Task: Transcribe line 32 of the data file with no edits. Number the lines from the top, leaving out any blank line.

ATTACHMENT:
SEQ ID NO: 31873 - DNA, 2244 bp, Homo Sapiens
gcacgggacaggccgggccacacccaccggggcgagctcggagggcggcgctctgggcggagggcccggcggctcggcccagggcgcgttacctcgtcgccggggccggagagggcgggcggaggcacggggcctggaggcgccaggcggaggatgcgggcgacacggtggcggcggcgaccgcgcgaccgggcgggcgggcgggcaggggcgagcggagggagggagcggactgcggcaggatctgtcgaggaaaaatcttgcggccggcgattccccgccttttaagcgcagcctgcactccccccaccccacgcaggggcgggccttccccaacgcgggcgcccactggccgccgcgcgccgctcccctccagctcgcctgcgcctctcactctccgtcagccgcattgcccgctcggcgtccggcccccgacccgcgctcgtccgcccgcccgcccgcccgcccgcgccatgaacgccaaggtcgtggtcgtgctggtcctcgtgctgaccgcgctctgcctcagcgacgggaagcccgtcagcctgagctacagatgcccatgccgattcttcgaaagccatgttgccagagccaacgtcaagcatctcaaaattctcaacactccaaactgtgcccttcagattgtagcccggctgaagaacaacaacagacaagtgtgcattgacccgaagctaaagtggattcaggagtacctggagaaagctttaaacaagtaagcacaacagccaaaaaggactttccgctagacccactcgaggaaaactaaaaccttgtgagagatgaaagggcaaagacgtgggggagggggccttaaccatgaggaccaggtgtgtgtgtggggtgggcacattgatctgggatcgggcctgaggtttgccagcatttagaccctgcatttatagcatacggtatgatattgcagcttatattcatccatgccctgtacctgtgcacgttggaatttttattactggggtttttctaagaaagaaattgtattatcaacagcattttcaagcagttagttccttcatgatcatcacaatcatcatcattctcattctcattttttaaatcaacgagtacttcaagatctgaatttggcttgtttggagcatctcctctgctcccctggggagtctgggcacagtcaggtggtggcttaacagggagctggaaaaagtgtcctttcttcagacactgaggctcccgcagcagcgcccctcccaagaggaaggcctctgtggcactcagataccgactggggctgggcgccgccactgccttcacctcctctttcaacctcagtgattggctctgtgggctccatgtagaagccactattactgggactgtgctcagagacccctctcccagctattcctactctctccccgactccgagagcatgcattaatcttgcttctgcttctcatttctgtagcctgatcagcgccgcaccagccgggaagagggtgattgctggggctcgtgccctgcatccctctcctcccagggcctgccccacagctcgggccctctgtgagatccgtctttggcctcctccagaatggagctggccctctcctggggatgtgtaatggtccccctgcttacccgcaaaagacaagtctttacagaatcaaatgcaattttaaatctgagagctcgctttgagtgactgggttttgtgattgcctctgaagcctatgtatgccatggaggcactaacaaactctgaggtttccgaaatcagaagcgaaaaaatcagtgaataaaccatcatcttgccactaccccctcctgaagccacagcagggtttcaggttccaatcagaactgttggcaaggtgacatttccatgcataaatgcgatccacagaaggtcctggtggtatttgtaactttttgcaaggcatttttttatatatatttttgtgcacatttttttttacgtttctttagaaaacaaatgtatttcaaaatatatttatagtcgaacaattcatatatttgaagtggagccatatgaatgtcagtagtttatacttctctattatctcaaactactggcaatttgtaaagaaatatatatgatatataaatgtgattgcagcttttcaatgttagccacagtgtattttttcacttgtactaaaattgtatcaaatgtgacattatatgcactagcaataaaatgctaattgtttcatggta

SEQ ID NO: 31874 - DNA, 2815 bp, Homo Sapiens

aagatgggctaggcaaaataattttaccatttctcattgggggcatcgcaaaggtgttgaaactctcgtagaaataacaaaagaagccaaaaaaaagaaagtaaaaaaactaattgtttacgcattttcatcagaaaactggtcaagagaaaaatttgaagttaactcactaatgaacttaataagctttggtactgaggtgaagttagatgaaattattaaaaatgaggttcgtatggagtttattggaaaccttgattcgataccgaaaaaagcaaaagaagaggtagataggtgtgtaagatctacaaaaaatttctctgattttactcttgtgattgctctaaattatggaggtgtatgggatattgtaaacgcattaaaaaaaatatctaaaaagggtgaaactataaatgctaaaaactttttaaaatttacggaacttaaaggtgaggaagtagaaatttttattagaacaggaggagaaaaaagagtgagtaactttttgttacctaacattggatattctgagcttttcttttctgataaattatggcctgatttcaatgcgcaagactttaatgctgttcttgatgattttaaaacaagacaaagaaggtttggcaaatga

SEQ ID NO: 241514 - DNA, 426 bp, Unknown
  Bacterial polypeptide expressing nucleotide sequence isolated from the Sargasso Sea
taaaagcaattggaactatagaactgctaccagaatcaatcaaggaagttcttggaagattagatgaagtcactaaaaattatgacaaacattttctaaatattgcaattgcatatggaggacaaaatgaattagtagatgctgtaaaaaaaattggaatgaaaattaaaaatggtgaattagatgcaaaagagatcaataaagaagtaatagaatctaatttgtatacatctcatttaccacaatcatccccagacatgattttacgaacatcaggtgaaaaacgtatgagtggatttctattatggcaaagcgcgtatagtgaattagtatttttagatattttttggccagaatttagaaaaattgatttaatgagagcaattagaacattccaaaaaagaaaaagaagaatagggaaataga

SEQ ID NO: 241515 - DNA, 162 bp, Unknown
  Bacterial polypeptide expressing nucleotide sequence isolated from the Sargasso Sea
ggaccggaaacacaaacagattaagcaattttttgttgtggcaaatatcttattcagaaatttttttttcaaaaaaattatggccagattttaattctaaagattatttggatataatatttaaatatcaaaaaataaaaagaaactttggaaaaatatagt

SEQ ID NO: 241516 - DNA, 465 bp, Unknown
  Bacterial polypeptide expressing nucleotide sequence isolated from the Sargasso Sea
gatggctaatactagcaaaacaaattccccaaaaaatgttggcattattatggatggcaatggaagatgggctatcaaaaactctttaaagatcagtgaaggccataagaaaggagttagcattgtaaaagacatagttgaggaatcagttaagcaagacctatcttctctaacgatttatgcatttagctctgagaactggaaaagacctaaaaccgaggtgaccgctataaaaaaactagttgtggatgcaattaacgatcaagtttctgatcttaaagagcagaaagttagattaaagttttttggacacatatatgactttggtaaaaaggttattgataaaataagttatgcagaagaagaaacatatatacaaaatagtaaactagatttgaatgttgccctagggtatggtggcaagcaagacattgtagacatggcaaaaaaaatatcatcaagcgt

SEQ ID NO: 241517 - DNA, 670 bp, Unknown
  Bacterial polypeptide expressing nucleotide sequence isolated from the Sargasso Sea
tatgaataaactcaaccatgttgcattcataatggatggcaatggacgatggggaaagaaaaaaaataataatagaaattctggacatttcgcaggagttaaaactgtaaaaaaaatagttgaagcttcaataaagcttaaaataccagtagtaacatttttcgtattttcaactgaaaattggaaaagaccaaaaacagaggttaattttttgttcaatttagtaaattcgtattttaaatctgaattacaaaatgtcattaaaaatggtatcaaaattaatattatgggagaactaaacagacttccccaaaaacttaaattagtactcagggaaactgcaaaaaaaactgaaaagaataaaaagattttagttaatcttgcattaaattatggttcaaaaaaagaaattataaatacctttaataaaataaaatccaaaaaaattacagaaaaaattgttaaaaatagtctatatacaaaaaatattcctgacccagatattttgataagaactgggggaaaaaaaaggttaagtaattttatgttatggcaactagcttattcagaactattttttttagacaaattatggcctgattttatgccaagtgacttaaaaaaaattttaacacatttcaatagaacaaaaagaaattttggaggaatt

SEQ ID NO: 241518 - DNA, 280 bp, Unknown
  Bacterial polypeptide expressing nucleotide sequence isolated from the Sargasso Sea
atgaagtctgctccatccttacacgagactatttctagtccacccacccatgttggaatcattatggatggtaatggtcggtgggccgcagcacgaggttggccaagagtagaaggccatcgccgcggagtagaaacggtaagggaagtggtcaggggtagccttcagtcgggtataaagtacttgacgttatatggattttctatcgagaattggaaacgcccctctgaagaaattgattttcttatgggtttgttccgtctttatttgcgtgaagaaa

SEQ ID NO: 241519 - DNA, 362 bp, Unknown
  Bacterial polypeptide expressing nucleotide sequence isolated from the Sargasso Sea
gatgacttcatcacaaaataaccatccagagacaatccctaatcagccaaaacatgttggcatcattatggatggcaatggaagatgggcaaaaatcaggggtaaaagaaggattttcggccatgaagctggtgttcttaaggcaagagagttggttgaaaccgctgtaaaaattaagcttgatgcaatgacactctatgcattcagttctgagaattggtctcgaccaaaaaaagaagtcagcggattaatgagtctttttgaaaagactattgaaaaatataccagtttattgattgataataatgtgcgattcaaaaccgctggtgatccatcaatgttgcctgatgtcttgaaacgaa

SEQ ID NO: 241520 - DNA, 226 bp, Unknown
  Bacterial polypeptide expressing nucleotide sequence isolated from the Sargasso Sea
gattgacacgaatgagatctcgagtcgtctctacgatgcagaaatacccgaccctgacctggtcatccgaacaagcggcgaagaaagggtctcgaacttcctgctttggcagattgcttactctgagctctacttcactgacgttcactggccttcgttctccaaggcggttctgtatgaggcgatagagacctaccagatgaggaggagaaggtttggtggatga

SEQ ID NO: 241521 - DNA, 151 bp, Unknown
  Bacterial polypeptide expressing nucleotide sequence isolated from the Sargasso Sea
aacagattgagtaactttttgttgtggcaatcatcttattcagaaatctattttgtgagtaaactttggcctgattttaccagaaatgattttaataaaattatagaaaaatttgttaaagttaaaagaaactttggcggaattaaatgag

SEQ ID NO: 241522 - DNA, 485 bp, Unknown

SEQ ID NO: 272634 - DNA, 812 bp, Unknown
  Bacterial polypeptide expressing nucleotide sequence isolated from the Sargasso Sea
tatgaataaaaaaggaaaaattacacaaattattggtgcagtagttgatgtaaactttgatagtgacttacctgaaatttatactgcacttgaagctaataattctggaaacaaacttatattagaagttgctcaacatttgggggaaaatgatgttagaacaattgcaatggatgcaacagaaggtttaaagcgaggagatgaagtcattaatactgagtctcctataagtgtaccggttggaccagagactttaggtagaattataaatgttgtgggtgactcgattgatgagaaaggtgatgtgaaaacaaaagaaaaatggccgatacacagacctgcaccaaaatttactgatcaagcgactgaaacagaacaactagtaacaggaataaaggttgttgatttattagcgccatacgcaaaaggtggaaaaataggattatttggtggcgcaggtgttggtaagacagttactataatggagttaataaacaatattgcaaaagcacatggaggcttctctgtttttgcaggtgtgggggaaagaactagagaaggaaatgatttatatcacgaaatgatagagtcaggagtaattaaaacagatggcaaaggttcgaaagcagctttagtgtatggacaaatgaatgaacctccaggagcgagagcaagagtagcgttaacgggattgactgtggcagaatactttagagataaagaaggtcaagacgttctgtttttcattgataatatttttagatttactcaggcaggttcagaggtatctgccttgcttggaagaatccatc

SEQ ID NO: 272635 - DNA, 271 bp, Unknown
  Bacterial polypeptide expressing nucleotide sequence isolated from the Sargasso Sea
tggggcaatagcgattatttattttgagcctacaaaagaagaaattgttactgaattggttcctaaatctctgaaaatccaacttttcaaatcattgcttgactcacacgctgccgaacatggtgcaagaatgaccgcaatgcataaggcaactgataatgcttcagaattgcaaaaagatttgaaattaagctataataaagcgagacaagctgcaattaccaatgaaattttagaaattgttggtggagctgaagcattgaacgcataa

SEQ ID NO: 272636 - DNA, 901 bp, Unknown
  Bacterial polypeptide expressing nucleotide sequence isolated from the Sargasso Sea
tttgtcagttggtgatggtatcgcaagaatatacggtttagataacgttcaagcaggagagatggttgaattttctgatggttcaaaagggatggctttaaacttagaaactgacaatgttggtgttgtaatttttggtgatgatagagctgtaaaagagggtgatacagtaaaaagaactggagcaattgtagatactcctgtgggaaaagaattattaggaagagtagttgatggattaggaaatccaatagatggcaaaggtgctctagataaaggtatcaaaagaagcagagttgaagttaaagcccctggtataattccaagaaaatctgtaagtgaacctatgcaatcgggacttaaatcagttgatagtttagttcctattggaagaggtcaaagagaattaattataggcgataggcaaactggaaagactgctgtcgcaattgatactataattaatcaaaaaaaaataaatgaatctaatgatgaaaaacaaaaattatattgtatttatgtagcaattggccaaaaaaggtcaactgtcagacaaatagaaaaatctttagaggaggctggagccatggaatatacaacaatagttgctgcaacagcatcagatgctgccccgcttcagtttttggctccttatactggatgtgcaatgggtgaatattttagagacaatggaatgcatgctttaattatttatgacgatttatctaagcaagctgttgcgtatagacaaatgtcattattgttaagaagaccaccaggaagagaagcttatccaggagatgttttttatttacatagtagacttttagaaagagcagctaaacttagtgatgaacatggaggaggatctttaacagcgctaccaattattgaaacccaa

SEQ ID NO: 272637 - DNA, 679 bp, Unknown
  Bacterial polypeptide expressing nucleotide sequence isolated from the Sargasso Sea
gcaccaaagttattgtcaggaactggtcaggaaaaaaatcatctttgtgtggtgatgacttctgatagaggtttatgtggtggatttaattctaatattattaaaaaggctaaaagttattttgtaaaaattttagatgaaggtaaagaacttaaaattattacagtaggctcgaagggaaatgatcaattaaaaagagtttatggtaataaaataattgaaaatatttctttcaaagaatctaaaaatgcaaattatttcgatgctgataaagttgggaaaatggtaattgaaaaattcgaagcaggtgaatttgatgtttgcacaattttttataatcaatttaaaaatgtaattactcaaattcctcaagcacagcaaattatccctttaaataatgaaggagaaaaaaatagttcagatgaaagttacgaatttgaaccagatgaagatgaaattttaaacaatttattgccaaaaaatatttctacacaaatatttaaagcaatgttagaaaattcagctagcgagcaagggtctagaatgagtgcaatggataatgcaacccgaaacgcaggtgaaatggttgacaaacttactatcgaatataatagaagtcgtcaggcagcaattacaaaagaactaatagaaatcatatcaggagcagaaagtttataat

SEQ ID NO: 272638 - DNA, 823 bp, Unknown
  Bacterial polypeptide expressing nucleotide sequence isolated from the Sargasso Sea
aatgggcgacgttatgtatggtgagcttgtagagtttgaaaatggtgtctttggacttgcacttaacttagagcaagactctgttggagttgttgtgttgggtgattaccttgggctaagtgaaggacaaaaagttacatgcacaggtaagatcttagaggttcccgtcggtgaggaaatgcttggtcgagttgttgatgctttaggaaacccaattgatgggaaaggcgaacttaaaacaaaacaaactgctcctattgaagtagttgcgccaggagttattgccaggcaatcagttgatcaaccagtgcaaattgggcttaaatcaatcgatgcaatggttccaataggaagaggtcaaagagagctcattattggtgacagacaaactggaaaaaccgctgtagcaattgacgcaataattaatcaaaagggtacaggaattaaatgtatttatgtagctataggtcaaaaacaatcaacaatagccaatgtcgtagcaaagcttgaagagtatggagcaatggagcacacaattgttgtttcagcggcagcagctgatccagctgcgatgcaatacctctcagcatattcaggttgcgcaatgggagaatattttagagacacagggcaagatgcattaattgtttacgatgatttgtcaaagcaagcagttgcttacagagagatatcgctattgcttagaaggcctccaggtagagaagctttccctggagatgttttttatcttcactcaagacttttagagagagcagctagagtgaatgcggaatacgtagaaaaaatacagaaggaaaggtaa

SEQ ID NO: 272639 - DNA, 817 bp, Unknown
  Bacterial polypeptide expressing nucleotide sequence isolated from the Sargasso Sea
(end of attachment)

tatgaataaaaaaggaaaaattacacaaattattggtgcagtagttgatgtaaactttgatagtgacttacctgaaatttatactgcacttgaagctaataattctggaaacaaacttatattagaagttgctcaacatttgggggaaaatgatgttagaacaattgcaatggatgcaacagaaggtttaaagcgaggagatgaagtcattaatactgagtctcctataagtgtaccggttggaccagagactttaggtagaattataaatgttgtgggtgactcgattgatgagaaaggtgatgtgaaaacaaaagaaaaatggccgatacacagacctgcaccaaaatttactgatcaagcgactgaaacagaacaactagtaacaggaataaaggttgttgatttattagcgccatacgcaaaaggtggaaaaataggattatttggtggcgcaggtgttggtaagacagttactataatggagttaataaacaatattgcaaaagcacatggaggcttctctgtttttgcaggtgtgggggaaagaactagagaaggaaatgatttatatcacgaaatgatagagtcaggagtaattaaaacagatggcaaaggttcgaaagcagctttagtgtatggacaaatgaatgaacctccaggagcgagagcaagagtagcgttaacgggattgactgtggcagaatactttagagataaagaaggtcaagacgttctgtttttcattgataatatttttagatttactcaggcaggttcagaggtatctgccttgcttggaagaatccatc